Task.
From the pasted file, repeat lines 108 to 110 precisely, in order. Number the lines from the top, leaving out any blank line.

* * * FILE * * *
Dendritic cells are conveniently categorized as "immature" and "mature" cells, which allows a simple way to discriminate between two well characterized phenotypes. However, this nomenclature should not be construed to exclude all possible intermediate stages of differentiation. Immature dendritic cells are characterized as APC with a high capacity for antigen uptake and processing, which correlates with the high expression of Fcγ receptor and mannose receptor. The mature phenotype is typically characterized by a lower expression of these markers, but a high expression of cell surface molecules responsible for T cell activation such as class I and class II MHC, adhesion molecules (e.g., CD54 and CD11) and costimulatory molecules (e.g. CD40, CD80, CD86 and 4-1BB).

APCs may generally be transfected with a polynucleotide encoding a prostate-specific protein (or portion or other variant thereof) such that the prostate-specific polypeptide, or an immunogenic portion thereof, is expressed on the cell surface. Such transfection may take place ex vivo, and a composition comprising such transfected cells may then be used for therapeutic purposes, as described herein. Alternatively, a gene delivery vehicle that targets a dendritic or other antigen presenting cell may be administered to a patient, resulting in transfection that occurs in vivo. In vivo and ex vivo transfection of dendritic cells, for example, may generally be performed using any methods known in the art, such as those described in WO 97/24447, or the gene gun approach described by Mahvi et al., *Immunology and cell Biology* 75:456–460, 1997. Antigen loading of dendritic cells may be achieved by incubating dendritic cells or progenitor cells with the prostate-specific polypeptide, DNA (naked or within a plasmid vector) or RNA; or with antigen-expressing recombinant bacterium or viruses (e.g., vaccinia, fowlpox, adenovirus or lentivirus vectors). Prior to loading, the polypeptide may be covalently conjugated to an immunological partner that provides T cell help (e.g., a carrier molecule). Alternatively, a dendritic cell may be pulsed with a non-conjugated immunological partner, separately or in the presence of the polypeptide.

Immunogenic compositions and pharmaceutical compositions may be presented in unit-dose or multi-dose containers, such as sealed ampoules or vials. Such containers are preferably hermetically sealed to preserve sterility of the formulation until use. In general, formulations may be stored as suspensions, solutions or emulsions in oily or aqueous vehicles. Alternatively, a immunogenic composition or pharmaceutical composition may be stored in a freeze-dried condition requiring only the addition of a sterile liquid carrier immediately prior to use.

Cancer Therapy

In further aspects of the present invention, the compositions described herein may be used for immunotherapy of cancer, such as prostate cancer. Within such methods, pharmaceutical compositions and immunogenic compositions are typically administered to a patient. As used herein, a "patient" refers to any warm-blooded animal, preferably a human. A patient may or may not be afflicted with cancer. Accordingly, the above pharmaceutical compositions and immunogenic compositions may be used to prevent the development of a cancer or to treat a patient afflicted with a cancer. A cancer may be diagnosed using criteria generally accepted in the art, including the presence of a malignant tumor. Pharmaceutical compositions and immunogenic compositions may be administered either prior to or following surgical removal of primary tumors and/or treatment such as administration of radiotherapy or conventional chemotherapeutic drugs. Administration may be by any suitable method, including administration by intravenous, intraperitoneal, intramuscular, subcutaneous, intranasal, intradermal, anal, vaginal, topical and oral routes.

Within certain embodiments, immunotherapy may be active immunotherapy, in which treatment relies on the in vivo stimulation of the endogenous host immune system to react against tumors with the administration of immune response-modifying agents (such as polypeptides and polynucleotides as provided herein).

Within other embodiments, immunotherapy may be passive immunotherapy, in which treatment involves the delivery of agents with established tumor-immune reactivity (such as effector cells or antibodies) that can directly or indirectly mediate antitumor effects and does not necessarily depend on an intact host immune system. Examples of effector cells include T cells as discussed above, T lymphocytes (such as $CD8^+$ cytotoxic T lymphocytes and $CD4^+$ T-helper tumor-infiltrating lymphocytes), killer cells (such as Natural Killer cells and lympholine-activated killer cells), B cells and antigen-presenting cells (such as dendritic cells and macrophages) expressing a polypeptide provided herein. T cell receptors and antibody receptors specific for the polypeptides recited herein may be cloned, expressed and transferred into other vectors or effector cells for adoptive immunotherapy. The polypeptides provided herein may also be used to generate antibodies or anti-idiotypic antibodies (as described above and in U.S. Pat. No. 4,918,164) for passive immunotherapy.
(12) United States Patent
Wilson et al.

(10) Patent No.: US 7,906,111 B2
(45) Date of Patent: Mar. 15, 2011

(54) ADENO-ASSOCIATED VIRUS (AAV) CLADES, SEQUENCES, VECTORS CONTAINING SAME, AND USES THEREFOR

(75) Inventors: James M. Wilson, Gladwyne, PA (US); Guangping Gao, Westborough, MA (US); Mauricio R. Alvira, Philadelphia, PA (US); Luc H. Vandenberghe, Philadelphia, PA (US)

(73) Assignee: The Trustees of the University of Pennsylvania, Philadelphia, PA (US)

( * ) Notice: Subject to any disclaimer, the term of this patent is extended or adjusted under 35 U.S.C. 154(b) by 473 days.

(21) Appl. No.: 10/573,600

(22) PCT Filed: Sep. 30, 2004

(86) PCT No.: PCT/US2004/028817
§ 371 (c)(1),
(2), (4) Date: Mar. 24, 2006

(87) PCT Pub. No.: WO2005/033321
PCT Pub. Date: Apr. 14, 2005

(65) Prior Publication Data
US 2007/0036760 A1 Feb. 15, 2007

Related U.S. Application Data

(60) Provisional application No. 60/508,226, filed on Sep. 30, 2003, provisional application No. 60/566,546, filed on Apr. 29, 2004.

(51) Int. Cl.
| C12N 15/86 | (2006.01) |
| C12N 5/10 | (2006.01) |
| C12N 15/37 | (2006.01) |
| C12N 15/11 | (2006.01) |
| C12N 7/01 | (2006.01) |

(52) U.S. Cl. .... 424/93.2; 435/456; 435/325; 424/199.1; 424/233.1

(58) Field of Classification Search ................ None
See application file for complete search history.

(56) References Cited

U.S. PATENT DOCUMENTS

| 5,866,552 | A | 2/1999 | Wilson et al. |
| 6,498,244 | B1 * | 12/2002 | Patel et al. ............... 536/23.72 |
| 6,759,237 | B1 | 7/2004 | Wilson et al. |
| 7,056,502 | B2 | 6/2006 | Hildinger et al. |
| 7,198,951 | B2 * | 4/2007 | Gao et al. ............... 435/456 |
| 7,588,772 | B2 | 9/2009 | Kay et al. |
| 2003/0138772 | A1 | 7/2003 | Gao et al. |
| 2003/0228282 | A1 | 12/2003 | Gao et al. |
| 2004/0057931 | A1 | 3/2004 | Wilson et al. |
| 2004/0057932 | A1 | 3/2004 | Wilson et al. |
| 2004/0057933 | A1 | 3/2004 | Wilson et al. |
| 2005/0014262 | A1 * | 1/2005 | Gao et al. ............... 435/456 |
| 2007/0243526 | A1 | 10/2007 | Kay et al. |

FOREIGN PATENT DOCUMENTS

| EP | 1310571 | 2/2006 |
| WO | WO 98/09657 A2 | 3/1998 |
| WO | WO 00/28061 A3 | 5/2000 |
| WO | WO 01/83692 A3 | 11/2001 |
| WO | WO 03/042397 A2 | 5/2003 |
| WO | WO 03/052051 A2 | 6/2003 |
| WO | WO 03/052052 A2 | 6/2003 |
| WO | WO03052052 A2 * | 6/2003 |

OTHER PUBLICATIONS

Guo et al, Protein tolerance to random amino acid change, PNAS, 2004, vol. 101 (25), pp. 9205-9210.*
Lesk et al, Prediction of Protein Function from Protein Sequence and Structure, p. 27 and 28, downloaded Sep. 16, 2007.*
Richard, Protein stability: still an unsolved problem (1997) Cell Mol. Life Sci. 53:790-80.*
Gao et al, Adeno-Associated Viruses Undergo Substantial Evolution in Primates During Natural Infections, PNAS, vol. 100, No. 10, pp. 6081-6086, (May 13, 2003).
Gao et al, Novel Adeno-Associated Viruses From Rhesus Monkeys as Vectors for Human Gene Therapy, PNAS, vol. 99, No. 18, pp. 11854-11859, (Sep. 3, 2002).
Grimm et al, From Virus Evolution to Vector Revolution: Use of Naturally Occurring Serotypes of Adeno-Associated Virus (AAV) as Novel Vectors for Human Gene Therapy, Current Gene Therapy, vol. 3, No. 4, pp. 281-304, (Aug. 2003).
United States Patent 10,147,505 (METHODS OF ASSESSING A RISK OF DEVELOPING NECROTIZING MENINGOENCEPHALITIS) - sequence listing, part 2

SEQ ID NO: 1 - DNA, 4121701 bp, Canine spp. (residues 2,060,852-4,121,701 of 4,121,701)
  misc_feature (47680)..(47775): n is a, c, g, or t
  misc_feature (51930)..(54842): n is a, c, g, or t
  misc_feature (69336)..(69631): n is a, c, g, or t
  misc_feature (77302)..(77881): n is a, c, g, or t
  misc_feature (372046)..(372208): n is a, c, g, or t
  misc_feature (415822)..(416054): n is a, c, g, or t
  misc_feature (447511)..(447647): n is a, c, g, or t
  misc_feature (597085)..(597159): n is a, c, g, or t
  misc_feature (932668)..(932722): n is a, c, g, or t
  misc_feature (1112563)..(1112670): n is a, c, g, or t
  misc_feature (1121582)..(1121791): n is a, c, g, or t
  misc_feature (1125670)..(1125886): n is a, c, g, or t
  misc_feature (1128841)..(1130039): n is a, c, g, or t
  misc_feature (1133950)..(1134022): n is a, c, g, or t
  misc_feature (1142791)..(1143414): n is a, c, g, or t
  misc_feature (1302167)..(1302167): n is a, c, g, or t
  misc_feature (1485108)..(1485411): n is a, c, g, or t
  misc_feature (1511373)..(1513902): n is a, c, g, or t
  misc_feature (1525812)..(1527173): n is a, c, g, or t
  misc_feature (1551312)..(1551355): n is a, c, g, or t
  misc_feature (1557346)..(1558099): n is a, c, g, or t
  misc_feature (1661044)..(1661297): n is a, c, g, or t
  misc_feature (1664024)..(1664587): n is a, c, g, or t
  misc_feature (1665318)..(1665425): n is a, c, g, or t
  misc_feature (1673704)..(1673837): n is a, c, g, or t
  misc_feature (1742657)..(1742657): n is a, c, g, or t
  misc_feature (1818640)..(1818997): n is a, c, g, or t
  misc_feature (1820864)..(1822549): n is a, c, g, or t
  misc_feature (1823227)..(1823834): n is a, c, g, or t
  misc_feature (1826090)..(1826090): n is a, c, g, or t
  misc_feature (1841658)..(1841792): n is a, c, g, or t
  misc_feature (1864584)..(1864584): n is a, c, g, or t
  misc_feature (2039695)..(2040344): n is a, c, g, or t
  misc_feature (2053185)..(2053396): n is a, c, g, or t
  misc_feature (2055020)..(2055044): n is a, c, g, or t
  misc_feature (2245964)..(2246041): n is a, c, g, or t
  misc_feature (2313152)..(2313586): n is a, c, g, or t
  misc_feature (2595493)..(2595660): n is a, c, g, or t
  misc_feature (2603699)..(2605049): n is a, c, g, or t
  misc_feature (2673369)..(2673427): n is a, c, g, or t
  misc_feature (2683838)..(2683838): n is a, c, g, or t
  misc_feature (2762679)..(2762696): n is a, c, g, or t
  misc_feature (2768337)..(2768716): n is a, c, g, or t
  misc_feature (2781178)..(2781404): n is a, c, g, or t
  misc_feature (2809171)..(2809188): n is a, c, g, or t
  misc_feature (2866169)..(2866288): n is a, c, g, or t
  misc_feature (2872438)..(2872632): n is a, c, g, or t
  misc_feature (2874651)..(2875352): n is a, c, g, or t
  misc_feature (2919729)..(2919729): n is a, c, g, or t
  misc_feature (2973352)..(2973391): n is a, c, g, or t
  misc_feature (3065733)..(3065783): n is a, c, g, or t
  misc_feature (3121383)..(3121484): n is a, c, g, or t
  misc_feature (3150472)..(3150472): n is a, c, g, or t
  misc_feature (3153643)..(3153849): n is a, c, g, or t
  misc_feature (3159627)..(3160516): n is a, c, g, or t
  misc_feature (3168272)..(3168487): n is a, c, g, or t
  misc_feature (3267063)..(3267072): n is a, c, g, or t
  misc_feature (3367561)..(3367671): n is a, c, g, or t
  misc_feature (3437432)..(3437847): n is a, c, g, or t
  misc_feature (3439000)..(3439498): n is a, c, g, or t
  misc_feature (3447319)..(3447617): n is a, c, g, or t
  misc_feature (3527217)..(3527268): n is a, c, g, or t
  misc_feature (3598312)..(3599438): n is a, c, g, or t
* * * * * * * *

  misc_feature (2673369)..(2673427): n is a, c, g, or t
  misc_feature (2683838)..(2683838): n is a, c, g, or t
  misc_feature (2762679)..(2762696): n is a, c, g, or t